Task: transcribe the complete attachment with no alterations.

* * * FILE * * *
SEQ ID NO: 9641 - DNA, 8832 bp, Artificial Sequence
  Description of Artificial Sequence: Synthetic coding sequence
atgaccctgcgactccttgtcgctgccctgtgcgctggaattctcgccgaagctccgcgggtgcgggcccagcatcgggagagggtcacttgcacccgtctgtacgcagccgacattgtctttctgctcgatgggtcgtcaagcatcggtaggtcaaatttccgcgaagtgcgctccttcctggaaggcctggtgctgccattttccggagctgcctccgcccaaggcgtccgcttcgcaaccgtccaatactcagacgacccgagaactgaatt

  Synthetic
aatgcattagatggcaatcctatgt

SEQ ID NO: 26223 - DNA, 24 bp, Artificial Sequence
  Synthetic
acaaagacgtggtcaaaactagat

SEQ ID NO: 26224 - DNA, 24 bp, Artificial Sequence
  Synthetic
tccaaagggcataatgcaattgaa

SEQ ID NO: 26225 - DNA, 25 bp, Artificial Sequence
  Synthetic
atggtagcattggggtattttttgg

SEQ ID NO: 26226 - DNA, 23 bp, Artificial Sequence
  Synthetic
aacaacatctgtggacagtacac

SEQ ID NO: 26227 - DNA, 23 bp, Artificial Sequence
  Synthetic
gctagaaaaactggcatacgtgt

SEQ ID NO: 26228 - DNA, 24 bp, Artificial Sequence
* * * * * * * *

SEQ ID NO: 9641 - DNA, 8832 bp, Artificial Sequence
  Description of Artificial Sequence: Synthetic coding sequence
atgaccctgcgactccttgtcgctgccctgtgcgctggaattctcgccgaagctccgcgggtgcgggcccagcatcgggagagggtcacttgcacccgtctgtacgcagccgacattgtctttctgctcgatgggtcgtcaagcatcggtaggtcaaatttccgcgaagtgcgctccttcctggaaggcctggtgctgccattttccggagctgcctccgcccaaggcgtccgcttcgcaaccgtccaatactcagacgacccgagaactgaatt

  Synthetic
aatgcattagatggcaatcctatgt

SEQ ID NO: 26223 - DNA, 24 bp, Artificial Sequence
  Synthetic
acaaagacgtggtcaaaactagat

SEQ ID NO: 26224 - DNA, 24 bp, Artificial Sequence
  Synthetic
tccaaagggcataatgcaattgaa

SEQ ID NO: 26225 - DNA, 25 bp, Artificial Sequence
  Synthetic
atggtagcattggggtattttttgg

SEQ ID NO: 26226 - DNA, 23 bp, Artificial Sequence
  Synthetic
aacaacatctgtggacagtacac

SEQ ID NO: 26227 - DNA, 23 bp, Artificial Sequence
  Synthetic
gctagaaaaactggcatacgtgt

SEQ ID NO: 26228 - DNA, 24 bp, Artificial Sequence